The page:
This is the first year that this symposium has been opened to the public, and it drew a wide array of women from the community and students from different majors. Ariella Bak, 21, who learned about the event through a friend, is a public health major at UF. Bak has always devised, what she calls, weird business ideas, and she sought out this opportunity to learn more about entrepreneurship.

“They kind of gave us their own perspectives and walked us through their journeys to see what they went through to get to where they are today,” Bak said.

Jaclyn Horton, a 20-year-old accounting major at UF, attended the event last year when it was held in the University Auditorium with only 250 people. Horton said she preferred this year’s set-up.

“It was a more fun, interactive experience because we got to sit with other people at our table that we didn’t know and talk to them, rather than just being in a lecture hall and sitting in a formal row,” Horton said.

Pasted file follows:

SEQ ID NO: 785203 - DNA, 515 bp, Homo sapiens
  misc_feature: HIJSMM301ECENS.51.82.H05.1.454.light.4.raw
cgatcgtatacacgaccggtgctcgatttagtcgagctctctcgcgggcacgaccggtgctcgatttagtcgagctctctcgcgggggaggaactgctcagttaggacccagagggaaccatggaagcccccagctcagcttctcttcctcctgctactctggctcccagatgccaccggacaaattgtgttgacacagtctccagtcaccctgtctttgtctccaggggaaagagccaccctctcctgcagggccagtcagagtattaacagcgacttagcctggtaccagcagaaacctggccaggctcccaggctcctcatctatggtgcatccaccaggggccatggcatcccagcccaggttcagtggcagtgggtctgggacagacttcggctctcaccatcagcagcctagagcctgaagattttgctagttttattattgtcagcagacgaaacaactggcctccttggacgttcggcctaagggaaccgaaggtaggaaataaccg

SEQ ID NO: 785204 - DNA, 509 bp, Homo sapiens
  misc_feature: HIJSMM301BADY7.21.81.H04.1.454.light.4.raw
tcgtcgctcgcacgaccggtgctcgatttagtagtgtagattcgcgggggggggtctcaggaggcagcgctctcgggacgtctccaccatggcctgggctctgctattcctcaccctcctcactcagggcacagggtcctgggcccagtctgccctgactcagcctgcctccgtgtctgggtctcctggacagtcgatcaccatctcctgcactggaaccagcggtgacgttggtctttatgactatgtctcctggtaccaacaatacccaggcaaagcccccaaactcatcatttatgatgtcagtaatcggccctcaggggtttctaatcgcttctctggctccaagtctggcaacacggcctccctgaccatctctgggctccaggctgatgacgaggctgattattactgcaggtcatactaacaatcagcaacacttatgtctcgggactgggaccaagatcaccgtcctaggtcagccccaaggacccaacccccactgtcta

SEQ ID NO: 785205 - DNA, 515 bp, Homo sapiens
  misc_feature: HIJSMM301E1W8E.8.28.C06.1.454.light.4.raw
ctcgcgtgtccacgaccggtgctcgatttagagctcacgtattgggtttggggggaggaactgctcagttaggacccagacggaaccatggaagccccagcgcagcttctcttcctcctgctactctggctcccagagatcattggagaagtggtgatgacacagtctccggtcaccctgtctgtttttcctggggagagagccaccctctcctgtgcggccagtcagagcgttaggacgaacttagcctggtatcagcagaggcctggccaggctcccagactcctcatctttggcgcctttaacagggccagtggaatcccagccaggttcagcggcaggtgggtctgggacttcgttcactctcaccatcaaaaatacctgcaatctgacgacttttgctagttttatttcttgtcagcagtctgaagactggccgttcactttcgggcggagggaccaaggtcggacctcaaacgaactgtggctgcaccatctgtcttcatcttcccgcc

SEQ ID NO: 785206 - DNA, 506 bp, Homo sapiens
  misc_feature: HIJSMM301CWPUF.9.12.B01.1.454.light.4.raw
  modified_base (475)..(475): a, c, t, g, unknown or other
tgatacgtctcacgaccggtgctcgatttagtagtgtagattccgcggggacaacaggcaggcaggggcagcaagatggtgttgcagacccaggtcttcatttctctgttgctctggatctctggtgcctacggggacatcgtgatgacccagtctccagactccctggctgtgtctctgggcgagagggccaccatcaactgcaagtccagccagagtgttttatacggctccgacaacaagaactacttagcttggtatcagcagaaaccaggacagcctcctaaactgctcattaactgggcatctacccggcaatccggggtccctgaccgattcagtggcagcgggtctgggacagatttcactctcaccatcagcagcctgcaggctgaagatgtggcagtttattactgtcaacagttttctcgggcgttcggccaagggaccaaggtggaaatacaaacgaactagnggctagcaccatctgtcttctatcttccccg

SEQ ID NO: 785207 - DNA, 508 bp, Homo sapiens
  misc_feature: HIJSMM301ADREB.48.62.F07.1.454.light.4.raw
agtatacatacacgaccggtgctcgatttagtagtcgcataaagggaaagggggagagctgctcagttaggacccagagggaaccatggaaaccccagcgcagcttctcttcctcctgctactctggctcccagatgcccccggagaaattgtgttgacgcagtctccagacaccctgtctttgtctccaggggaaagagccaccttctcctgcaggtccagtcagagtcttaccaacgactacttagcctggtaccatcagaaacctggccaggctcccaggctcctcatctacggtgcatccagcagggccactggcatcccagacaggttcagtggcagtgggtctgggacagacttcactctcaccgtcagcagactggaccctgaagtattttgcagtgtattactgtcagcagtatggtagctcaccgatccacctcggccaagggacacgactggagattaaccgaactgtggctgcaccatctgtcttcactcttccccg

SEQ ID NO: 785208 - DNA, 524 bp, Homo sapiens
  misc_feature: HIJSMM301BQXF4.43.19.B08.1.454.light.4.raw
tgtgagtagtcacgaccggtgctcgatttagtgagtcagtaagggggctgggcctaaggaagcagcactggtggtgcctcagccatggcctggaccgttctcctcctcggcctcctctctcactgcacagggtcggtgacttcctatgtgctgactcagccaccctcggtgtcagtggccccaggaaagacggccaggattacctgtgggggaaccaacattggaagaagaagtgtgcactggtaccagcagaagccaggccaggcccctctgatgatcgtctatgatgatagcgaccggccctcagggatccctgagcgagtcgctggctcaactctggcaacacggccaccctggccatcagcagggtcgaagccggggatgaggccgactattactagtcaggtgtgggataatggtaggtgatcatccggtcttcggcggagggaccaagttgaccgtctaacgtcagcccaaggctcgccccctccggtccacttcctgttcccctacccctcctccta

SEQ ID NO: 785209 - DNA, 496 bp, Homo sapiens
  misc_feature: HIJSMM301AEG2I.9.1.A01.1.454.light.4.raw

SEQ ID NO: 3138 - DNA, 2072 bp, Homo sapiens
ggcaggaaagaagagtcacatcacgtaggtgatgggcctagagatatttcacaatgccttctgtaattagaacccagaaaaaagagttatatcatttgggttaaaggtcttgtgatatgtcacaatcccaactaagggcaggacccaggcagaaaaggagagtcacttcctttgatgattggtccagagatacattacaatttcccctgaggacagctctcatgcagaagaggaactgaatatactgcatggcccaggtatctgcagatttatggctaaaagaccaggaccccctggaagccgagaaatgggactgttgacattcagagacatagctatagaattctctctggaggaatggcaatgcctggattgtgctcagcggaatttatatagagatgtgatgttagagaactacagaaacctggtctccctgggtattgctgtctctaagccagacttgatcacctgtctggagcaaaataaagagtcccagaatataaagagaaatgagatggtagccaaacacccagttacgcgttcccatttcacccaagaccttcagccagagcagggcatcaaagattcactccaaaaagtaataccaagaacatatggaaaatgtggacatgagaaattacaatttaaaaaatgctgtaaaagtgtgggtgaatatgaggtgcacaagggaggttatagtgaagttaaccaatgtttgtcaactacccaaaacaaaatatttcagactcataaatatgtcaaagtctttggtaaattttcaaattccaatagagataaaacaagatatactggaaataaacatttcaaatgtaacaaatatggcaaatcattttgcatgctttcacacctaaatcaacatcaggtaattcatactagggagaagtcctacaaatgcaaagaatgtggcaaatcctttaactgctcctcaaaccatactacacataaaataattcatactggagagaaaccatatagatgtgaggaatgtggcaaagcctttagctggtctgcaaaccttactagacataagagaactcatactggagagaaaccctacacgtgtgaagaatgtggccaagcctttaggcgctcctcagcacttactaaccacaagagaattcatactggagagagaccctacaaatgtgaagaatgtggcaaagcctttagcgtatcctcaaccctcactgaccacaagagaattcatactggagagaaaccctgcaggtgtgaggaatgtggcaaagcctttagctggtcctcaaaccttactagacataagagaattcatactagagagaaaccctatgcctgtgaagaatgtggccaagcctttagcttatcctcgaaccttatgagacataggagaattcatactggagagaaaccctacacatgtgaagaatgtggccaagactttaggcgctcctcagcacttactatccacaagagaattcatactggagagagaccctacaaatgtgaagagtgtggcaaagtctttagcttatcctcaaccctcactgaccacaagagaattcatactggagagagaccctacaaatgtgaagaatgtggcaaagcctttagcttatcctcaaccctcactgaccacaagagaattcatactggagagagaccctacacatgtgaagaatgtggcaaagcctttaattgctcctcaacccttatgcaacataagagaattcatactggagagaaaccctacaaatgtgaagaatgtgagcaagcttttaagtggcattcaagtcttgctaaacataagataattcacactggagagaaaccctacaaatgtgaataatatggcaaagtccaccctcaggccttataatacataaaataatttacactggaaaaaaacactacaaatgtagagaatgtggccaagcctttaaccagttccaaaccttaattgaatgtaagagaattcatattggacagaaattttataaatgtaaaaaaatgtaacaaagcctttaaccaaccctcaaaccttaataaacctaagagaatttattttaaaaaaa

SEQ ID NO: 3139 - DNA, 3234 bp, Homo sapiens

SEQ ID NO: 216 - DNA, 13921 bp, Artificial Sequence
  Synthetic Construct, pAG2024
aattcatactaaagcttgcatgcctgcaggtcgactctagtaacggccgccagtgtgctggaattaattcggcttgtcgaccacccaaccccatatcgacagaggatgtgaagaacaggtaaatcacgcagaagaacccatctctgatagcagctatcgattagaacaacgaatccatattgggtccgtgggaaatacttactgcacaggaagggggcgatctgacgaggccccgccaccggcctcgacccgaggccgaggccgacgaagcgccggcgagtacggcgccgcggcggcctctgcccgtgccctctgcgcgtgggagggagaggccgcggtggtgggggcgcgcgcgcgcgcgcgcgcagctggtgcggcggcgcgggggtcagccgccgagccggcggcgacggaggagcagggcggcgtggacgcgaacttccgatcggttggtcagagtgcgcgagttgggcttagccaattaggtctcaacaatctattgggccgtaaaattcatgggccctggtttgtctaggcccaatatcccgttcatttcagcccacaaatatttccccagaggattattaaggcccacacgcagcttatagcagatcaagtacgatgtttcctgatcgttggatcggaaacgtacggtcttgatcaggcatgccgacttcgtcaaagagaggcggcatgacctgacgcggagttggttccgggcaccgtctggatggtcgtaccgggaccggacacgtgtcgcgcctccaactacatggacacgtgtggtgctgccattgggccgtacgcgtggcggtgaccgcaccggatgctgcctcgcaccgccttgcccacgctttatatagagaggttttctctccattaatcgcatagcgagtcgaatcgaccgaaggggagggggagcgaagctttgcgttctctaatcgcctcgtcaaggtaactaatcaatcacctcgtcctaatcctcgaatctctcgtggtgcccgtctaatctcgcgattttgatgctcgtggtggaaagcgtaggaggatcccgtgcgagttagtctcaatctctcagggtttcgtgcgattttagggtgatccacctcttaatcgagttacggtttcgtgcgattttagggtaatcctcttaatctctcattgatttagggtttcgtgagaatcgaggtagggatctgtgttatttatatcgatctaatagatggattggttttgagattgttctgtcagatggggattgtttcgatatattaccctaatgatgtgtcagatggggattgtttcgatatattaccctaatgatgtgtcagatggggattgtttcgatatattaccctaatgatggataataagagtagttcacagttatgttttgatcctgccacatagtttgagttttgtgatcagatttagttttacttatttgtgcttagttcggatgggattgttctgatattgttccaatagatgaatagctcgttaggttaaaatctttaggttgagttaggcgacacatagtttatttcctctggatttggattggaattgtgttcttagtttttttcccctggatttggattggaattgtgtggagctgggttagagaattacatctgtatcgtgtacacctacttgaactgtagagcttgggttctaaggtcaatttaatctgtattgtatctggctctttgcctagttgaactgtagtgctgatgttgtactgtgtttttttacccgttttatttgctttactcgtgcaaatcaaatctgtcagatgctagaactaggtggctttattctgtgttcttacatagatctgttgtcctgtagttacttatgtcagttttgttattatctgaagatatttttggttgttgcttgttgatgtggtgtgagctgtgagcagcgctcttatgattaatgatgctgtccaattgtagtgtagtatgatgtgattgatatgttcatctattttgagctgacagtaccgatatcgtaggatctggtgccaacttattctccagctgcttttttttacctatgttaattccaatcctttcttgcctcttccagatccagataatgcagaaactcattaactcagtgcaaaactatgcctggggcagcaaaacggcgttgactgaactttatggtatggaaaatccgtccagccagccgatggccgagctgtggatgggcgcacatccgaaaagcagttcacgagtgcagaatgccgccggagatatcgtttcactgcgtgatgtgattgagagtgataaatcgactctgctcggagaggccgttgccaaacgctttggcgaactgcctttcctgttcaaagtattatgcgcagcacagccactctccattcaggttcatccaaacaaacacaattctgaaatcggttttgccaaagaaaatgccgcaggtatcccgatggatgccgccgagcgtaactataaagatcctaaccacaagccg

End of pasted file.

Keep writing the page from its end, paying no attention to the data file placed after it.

Such female empowerment inspired people in the community, such as UF data analyst for teaching and technology Beth Hathaway, and Black C Art Gallery Director, Allison Good Vandenend, to carve out their own niches.

Now, they plan to increase personal development and hone in on what they’re passionate about. Hathaway and Vandenend said they jotted down book recommendations and took note of integrating their passions into their work lives.

“I want to come back next year,” Vandenend said. “I thought it was very well done, and I’m interested who else they’ll get and what I can learn.” 

ALYSSA RAMOS is a second year Journalism major at the University of Florida with a minor in French. She is an aspiring magazine journalist, a fashion enthusiast, and a Netflix binger with hopes of telling people’s stories through all forms of media. For now, she is still honing her writing skills, but she’s always in search of a good book and a strong cup of coffee.

Leave a Comment